It seems that Joppatowne, which runs a power-I offense that relies on a bruising and chain-moving runner, always has a good tailback, and this year was no different. In his first year as starting tailback, Cash (5-11, 175 pounds) excelled, using good vision and a physical straight-ahead style to total a Harford County-leading 1,820 yards rushing (believed to be a school record) and 28 touchdowns, a county high. The senior averaged over 7 yards per carry and had at least one touchdown in every game, including eight touchdowns in the playoffs for the improbable Class 1A titlists. Cash, who also returned a kickoff 90 yards for a score, recorded four touchdowns in a 33-28 win over Bel Air.
Chris Desautels, Broadneck
The 6-3, 175-pound junior kicker has booted an Anne Arundel County-record 11 field goals, 10 in the regular season. The other came in a 17-14 playoff win over Arundel, and his longest was 42 yards. Desautels converted 40 of 46 extra-point kicks, and his ability to kick for distance was critical in containing the opposition's return personnel. Teams had to account for Desautels' skills in every close game. His field goals were the difference for the Bruins in regular-season wins over Severna Park (10-7) and Arundel (17-14).
Ben Gabbard, Broadneck
Big and intimidating at 6-4 and 290 pounds, Gabbard is a three-year starter at center. His blend of agility and footwork set him apart as one of the best linemen in the state. Gabbard, who anchors the offensive line and calls blocking schemes, was the recipient of the Al Laramore Award, given to Anne Arundel County's best lineman. A Division I prospect with a 4.0 grade-point average, Gabbard also is the Bruins' long snapper.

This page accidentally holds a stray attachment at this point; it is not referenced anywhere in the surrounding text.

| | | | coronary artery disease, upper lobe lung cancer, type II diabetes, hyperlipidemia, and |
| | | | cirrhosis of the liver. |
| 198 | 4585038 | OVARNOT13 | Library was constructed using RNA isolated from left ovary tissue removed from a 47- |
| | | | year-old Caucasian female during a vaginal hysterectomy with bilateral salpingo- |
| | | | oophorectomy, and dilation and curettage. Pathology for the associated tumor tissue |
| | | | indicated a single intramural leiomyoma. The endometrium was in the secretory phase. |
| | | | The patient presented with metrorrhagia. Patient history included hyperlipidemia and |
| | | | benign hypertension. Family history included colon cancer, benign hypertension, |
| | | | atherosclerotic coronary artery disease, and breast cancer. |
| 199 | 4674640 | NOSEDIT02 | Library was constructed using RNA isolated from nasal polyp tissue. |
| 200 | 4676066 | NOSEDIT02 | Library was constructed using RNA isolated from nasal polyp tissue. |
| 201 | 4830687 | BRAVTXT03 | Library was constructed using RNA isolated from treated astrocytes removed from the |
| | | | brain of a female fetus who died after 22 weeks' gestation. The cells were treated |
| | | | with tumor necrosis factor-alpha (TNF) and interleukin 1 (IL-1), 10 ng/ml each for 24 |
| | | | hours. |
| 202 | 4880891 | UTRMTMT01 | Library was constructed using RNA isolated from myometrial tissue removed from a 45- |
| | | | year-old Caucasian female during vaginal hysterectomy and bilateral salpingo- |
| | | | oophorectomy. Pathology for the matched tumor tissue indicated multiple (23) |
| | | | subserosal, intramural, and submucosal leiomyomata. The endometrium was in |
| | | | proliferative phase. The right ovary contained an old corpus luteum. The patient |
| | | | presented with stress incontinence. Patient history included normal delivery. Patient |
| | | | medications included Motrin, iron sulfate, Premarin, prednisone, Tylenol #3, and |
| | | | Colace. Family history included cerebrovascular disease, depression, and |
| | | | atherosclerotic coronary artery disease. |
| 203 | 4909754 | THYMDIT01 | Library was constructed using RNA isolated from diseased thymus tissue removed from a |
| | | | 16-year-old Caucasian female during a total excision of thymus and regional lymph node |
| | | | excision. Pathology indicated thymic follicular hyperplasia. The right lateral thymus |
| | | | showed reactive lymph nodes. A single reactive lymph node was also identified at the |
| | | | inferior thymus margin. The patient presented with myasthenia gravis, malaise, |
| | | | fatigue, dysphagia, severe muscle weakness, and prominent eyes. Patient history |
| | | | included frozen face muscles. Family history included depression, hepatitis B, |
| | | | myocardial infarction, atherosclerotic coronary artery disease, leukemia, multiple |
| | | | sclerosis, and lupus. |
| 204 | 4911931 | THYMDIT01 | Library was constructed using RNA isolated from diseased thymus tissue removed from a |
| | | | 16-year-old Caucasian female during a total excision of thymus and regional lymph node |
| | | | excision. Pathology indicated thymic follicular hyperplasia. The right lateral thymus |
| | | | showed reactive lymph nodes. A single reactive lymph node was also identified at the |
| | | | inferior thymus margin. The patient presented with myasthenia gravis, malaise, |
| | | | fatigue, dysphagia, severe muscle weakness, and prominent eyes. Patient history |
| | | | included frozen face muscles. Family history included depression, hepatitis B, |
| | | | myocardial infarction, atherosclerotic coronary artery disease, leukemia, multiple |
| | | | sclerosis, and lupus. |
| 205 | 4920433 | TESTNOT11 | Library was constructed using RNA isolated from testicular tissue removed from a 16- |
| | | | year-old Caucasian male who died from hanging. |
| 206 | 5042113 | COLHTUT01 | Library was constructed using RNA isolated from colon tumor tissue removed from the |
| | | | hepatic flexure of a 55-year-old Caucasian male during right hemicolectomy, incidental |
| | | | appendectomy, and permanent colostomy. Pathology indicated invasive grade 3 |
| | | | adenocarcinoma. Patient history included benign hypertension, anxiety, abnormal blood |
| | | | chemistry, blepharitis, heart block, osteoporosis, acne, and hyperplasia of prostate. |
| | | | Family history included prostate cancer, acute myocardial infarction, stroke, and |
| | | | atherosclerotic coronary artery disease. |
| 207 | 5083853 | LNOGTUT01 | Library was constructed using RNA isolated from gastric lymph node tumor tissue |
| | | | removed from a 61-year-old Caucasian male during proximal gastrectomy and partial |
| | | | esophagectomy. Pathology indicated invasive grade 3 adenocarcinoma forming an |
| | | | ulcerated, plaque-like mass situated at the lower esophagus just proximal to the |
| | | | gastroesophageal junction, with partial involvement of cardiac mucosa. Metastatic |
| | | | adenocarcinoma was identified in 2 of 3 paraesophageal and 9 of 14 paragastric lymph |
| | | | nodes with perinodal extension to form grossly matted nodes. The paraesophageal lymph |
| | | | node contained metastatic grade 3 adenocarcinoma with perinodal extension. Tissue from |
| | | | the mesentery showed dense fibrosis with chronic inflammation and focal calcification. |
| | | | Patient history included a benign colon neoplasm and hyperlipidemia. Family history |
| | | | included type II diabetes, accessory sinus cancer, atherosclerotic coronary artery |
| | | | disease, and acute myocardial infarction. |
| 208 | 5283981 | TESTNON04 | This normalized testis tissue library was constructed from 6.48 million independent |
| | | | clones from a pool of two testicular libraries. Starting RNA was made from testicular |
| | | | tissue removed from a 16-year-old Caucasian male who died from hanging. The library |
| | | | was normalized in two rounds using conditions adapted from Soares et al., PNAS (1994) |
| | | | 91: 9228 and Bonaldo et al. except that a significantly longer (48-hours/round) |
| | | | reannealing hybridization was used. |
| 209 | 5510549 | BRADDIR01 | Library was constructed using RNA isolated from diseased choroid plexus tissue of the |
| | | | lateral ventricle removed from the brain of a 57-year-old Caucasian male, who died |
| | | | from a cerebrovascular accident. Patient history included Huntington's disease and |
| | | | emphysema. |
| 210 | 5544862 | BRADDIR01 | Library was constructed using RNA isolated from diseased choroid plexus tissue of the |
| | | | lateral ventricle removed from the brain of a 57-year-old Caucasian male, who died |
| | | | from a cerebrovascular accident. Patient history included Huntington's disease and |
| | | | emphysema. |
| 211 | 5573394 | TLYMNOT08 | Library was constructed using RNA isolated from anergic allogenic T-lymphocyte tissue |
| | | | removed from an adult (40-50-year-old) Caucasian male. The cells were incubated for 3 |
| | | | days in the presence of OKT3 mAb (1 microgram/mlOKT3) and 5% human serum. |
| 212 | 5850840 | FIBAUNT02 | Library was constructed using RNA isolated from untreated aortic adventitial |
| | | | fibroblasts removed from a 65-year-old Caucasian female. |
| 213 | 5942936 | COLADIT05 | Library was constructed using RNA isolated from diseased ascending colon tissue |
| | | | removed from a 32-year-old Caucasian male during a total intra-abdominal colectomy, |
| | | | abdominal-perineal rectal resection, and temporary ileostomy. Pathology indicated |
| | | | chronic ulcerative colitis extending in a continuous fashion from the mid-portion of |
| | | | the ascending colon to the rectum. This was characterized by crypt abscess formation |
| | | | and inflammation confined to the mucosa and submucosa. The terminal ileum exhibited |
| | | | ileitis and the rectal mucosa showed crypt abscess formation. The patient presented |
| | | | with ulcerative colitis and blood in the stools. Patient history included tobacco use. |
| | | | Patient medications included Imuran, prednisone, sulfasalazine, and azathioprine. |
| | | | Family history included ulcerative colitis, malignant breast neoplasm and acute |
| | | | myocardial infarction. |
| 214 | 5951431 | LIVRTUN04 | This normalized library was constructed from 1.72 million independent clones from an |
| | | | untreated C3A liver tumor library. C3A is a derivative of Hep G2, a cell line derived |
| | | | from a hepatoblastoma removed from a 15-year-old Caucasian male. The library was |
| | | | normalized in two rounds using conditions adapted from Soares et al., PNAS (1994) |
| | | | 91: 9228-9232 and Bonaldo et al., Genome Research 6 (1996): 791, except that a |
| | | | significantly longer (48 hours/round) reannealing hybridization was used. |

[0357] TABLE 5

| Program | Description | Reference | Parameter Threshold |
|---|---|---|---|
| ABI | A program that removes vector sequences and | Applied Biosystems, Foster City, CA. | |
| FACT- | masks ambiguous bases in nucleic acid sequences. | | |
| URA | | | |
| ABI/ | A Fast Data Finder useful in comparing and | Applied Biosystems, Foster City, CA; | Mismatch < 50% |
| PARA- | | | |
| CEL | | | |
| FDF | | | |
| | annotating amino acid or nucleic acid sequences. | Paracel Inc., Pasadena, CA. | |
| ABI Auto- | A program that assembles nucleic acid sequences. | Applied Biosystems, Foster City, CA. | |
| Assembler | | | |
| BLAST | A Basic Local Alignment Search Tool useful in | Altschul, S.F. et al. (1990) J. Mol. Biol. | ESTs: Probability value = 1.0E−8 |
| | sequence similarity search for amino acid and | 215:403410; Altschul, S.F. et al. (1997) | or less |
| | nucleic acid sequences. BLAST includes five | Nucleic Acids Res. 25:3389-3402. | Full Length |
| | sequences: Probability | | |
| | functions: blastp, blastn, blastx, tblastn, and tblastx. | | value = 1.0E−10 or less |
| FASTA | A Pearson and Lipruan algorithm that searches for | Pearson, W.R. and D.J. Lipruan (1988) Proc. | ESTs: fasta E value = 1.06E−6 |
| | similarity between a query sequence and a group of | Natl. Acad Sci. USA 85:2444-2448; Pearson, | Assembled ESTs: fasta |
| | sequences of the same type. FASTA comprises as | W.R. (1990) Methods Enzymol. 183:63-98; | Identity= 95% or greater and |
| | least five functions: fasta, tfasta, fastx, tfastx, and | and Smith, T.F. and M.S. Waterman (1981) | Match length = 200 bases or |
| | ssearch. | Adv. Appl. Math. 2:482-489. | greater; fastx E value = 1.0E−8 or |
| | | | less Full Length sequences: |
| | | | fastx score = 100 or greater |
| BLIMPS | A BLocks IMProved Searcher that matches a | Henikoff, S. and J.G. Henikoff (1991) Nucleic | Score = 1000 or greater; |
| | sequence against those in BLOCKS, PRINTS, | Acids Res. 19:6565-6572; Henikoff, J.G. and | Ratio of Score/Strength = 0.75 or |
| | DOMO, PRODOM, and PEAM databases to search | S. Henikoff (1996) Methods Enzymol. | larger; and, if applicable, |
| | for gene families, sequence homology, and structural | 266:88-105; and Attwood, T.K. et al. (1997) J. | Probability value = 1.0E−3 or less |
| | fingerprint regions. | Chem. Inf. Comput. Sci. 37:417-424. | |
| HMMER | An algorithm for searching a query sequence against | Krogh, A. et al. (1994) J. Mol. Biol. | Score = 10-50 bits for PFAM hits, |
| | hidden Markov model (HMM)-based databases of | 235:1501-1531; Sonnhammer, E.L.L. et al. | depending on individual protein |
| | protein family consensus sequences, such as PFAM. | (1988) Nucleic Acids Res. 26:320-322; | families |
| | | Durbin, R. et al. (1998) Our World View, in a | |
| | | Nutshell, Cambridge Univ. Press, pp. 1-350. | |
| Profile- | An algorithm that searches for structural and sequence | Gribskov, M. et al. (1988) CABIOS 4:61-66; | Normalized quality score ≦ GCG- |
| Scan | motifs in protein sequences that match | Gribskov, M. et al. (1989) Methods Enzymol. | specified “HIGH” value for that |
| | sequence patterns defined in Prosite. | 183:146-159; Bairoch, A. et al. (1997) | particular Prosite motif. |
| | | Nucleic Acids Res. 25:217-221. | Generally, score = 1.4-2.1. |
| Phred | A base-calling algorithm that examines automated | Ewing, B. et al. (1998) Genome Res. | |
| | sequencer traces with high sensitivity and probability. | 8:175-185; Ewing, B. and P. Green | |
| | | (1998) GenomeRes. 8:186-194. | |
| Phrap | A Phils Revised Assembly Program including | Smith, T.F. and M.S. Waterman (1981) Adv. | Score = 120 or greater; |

Cameron Goldberg, McDonogh
Coach Dom Damico had an invaluable weapon on both sides of the ball with the 6-6, 260-pound two-way lineman. Goldberg did not give up a sack for an offense that was effective both passing and running.
Defensively, he was also skillful, making 82 tackles and 12 sacks to help the Eagles to a 7-3 record. Stanford, Duke and California have offered scholarships, and Virginia, Maryland and Wake Forest also are interested in the senior.
Jason Goode, Woodlawn
The athletic and versatile Goode can do a lot of things well, but he excelled as a tight end with 19 receptions for 400 yards and five touchdowns for the Warriors. He also rushed for 476 yards and seven touchdowns. In addition, Goode performed well on special teams, returning a touchdown 86 yards for a score.
A testament to Goode's versatility is the fact that he ranked with South Carroll's T.J. Swanson as one of the best athletes at a summer camp for quarterbacks, a position Goode played at Curley before transferring to the Warriors this fall. The 6-4, 230-pound senior has scholarship offers from Colorado, Boston College and Georgetown.
Ben Nowak, River Hill